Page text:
Have you ever had a moment of such incredible happiness that you found yourself wondering “what did I do to deserve this?” I have. And that one question my friends, is a clear cut example of what a twisted culture we live in. You see, happiness is not something that you deserve. It is not something that you can earn or that you acquire either by earning enough brownie points with a qualified deity or by collecting the appropriate number of box tops. Happiness is something we are. In fact, it is our default state.
Don’t believe me? Spend some time around small children some time. I’m not talking about school aged kids who are already knee deep in learning how to envy those around them for the things that they don’t have or for getting the ‘good’ seat on the bus. I mean small children; babies and toddlers.
The average toddler has a better grasp on happiness than most adults on this planet. Of course they haven’t yet developed reasoning or social skills and have more energy than the average power plant on a high production day and sometimes still have to wear diapers, but if you spend any length of time around them you will notice that when it comes to happiness, they’ve got it nailed down. Their whole being radiates with happiness because they are entirely focused on whatever it is that they are doing; watching a caterpillar balance on a twig, jumping into mud puddles, watching a kitten play, squeezing all of the toothpaste out of the tube.
We have forgotten how to do this. We have forgotten how to be happy. We have forgotten how to radiate happiness with every particle of our being. We have forgotten the joy of watching all that toothpaste curl out onto the counter.
We go along, day after day, year after year focused on our education, on our work, on providing for our families and on juggling bills. And while that, in and of itself, is not a bad thing, when we begin putting aside our own happiness in order to better focus on these “more important” things we lose the knowledge of what it means to be completely and blissfully happy.
Humans are social animals. They want to fit in. They want to belong. For millennia like-minded individuals have created villages and towns and cities and religions. They have created clubs and teams and organizations so that they could come together and socialize; interact; share their experiences as humans.
In a world that is marked by suburban sprawl and almost wholly bereft of any sort of social or cultural opportunities that you used to find regularly wherever there were large groups of people. This is why the concept of social media is so very addictive; it allows individuals all over the world to “belong” and to interact with other individuals.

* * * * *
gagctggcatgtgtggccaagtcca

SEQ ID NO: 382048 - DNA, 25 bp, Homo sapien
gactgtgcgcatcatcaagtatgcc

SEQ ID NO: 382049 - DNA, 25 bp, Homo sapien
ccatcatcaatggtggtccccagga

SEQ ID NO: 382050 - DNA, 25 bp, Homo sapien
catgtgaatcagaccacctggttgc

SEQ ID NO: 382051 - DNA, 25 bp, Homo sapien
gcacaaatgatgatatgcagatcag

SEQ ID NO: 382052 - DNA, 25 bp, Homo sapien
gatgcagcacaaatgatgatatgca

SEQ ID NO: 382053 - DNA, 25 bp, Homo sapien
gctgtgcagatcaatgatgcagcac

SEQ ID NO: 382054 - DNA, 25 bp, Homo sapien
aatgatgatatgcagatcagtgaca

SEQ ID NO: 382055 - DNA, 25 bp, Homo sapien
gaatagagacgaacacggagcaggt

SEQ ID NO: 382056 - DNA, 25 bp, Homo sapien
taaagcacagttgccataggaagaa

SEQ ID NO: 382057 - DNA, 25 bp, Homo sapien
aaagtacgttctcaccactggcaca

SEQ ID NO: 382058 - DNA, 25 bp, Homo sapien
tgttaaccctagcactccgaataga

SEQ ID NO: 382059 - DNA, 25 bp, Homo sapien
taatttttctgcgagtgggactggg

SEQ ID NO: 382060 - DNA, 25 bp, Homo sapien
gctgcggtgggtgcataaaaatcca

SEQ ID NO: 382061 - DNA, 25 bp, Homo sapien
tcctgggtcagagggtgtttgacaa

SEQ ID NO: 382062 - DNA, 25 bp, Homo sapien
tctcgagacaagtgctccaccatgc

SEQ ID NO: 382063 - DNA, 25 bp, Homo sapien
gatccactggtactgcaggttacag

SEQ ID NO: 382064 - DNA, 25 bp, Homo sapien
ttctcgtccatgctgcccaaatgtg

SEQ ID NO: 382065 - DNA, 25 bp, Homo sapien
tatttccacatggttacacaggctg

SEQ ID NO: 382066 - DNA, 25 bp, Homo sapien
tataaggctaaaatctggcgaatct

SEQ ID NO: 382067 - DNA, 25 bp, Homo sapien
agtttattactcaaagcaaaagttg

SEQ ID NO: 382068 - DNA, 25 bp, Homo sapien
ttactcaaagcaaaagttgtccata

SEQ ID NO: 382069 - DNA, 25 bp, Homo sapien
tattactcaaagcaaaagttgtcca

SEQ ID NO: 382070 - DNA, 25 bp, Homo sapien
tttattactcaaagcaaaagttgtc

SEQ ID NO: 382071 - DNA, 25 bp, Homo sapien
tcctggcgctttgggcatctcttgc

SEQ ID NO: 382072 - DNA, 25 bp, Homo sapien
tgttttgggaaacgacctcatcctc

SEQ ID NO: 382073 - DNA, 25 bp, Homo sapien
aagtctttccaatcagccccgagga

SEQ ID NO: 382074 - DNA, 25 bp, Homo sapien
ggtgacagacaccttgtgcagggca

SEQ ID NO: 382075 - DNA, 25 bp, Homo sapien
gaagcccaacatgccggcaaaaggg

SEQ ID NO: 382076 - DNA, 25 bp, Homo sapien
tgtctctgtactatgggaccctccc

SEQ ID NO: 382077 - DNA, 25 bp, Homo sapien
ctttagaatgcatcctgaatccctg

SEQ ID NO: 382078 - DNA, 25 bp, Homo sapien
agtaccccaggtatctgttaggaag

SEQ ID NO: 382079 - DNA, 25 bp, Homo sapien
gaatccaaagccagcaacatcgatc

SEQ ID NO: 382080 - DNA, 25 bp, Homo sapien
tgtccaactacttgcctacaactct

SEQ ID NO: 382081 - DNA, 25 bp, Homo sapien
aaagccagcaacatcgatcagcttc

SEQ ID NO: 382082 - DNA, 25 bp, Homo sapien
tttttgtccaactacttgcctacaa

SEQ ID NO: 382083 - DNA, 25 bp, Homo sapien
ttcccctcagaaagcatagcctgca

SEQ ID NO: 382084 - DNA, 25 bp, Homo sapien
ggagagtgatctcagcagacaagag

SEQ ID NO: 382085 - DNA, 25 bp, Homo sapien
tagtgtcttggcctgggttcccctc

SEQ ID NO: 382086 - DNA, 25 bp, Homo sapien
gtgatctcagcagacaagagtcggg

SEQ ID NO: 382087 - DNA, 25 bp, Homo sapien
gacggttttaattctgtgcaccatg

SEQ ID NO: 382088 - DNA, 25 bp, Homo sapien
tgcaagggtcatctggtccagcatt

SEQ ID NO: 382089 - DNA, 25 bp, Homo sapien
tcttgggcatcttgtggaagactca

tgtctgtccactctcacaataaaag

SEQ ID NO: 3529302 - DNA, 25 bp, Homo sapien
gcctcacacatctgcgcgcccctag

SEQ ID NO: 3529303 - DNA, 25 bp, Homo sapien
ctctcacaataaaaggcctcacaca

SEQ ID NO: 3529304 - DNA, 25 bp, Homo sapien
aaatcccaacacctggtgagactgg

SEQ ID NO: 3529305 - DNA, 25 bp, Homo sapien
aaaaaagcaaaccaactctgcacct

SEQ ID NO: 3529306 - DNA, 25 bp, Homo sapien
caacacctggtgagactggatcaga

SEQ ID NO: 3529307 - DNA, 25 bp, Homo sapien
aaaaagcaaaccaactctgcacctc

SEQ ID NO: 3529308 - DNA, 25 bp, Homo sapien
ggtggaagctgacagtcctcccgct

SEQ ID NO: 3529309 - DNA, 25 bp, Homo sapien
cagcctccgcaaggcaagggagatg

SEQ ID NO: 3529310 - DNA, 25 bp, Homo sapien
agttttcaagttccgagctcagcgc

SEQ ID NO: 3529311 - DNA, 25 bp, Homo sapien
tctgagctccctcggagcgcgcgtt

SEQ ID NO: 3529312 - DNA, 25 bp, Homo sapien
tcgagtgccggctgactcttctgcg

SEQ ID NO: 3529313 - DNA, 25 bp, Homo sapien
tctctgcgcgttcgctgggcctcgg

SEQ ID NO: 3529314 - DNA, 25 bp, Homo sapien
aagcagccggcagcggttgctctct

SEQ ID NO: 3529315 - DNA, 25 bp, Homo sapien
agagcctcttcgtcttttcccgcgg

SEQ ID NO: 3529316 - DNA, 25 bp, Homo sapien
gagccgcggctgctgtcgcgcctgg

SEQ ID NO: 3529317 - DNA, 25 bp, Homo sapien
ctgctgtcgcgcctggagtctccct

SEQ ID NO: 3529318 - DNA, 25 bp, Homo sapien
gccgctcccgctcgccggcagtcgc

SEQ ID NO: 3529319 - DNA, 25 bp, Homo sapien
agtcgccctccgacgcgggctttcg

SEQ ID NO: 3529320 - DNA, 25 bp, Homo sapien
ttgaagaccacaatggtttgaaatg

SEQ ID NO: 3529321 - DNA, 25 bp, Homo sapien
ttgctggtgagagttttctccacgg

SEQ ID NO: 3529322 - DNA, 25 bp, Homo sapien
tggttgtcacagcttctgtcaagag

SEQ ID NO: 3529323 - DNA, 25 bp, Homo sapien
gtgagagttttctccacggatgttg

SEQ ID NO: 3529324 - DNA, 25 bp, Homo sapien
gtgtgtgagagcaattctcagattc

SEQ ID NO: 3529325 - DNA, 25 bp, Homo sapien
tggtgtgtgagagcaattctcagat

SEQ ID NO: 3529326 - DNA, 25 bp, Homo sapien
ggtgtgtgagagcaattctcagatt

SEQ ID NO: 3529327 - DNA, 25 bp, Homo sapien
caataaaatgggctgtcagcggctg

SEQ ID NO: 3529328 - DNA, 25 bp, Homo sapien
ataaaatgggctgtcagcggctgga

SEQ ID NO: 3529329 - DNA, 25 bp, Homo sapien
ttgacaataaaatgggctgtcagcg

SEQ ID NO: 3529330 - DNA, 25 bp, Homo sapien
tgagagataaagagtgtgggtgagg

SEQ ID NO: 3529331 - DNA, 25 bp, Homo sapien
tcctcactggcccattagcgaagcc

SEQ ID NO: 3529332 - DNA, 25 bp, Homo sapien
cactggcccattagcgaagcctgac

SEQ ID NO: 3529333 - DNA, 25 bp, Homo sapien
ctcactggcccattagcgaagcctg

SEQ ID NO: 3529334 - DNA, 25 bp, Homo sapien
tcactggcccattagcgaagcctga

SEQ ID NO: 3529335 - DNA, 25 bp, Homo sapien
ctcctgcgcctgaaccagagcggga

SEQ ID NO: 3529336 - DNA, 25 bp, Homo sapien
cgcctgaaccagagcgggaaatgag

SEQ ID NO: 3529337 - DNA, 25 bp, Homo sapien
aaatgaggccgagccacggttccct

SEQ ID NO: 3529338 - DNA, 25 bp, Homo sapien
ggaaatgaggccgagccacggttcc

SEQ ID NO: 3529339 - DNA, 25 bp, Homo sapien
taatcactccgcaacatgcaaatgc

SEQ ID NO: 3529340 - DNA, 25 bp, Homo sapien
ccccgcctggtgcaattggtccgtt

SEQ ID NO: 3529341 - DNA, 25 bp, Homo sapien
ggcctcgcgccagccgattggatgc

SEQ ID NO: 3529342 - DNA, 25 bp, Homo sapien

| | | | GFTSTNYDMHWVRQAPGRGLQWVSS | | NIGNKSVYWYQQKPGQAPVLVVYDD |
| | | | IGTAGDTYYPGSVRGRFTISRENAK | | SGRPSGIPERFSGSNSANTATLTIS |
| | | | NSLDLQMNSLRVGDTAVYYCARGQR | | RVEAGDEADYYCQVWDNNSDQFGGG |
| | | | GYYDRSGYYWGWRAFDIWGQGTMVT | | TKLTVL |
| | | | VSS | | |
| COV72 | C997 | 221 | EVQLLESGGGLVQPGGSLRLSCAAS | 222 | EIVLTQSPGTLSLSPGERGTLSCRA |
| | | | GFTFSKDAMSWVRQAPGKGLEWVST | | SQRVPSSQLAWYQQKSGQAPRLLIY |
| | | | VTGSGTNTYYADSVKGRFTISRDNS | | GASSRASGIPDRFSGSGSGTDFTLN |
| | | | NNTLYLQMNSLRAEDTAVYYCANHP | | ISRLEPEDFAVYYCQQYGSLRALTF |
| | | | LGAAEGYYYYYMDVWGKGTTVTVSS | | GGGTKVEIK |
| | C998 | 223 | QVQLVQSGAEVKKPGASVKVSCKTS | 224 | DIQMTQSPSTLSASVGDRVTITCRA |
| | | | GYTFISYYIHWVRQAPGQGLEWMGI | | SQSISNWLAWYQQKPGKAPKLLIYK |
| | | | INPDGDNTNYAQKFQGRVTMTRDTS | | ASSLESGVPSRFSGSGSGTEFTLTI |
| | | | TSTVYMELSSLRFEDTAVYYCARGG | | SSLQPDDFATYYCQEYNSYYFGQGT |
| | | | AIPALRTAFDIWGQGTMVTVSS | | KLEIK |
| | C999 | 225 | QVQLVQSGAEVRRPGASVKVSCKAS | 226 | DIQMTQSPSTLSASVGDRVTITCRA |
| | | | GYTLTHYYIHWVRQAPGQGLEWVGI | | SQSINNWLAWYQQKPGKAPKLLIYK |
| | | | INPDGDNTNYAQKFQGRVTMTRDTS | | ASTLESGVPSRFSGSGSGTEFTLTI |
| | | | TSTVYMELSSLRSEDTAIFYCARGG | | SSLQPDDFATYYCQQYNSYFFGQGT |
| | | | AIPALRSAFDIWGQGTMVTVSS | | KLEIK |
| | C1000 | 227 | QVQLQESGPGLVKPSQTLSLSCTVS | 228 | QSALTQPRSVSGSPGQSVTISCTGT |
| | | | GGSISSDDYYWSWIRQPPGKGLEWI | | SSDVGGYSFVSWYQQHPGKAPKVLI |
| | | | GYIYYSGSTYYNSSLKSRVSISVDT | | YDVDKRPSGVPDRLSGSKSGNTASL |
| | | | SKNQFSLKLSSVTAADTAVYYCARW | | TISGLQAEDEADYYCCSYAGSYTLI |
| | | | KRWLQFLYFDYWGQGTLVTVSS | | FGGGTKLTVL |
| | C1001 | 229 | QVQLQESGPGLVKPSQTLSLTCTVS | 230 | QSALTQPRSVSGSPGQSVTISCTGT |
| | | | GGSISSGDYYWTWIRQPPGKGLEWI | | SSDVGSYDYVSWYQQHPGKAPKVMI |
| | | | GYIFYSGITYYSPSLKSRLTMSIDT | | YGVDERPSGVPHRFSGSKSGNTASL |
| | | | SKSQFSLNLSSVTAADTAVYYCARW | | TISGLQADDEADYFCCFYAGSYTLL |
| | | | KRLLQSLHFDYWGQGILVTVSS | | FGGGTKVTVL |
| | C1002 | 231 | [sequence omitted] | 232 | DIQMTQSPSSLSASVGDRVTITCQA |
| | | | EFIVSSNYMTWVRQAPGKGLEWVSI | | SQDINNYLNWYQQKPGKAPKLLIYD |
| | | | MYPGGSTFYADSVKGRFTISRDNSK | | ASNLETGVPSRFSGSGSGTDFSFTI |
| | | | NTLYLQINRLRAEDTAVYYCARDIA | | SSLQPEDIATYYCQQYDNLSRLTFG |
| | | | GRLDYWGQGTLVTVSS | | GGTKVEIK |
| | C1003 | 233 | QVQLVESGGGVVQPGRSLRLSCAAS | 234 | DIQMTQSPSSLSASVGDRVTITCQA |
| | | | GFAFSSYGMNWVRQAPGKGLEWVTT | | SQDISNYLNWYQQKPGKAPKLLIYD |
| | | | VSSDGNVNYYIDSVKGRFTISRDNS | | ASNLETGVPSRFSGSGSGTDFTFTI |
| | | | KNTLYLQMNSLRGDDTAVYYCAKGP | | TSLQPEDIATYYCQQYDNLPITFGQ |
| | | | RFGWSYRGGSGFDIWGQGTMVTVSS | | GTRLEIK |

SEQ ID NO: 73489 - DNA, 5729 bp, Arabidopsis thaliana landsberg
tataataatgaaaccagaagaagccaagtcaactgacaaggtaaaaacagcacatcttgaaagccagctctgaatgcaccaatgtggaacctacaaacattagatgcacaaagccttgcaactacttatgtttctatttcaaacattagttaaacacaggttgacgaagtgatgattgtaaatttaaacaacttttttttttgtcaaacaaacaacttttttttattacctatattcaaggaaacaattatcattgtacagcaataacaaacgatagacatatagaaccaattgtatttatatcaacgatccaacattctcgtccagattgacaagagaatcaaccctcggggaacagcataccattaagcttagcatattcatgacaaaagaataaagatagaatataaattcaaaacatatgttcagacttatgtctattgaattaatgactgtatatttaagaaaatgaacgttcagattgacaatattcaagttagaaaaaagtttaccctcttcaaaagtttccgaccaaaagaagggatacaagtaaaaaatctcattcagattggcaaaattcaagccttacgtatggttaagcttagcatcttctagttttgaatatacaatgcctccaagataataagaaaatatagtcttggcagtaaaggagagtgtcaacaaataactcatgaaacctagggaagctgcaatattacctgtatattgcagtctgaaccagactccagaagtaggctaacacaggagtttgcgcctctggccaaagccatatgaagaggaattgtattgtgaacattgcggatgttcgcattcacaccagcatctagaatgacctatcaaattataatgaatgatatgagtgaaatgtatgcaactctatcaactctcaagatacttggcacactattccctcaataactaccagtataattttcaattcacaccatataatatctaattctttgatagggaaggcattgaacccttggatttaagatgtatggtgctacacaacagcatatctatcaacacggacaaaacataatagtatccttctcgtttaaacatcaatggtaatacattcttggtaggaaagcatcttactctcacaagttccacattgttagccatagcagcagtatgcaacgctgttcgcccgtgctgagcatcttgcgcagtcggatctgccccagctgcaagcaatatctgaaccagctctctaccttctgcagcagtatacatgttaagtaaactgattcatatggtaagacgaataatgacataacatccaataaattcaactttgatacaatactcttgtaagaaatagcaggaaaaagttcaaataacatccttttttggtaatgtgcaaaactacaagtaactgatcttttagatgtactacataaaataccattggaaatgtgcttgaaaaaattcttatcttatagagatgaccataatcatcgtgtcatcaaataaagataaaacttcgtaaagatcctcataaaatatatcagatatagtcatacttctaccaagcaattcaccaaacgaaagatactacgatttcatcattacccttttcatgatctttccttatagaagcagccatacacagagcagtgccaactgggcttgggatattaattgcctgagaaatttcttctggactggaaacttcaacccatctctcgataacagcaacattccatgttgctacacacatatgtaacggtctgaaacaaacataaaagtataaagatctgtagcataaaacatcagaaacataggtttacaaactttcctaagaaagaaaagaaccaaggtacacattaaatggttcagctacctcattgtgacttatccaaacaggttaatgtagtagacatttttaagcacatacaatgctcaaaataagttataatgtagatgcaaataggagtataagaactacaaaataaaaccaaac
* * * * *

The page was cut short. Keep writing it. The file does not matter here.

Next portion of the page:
While the concepts of “belonging” and “fitting in” are natural and part of the nature of things, it comes at a price. The price can be steep, for many times a group or religion or organization has strict rules and regulations, things that you have to or cannot do in order to belong. And so, in order to be accepted we give up pieces of ourselves; our individuality; pieces of who and what we truly are in order to conform to the acceptable standards of the group or organization. Many times we give up the things that made us happy in order to be accepted by others. We then have to spend years – sometimes entire lifetimes attempting to understand why it is that we are so unhappy and attempting to find happiness again, albeit within the structures of our adopted social group, which of course means that many people have and will continue to die unhappy and unfulfilled.
So how can we be happy again? How can we possibly regain that selfless joy, that innate wonder of the world around us; the supreme happiness of jumping in the mud puddles; the sheer bliss of watching that toothpaste curl out onto the bathroom counter?
The first order of business is to accept that happiness is not an “earned” condition. You are happiness.1
The second order is to remember what it is that makes you happy and do it. Have you always loved the color and texture of paintings? Pick up some small canvases and paints at a craft shop and try your hand at putting images on paper. Playing in the dirt? Try digging up a small square of yard for a garden, or plant flowers or vegetables in a pot if you live in an apartment. Playing in tidal pools? Try setting up a small aquarium. Rainbows? Hang prisms in any window that gets direct sunlight.
Thirdly; don’t apologize for being yourself. Don’t beat yourself up if others laugh at you for going out in the rain without an umbrella, for blowing bubbles on the bridge during rush hour, for dancing madly to your favorite song when it comes on the radio, or laying out on the hillside to see the shapes in the clouds.
And finally, if you find someone with whom you can be completely and totally yourself, who not only enjoys your myriad facets but is aware of their own and who is not afraid to be themselves, cherish them, they are a rare gift, and believe me, the happiness that you will take in seeing each other’s total authenticity will be so incandescent that whenever you are tempted to think “what did I do to deserve this” you will instead find yourself thinking “what on earth took me so long to realize the truth?”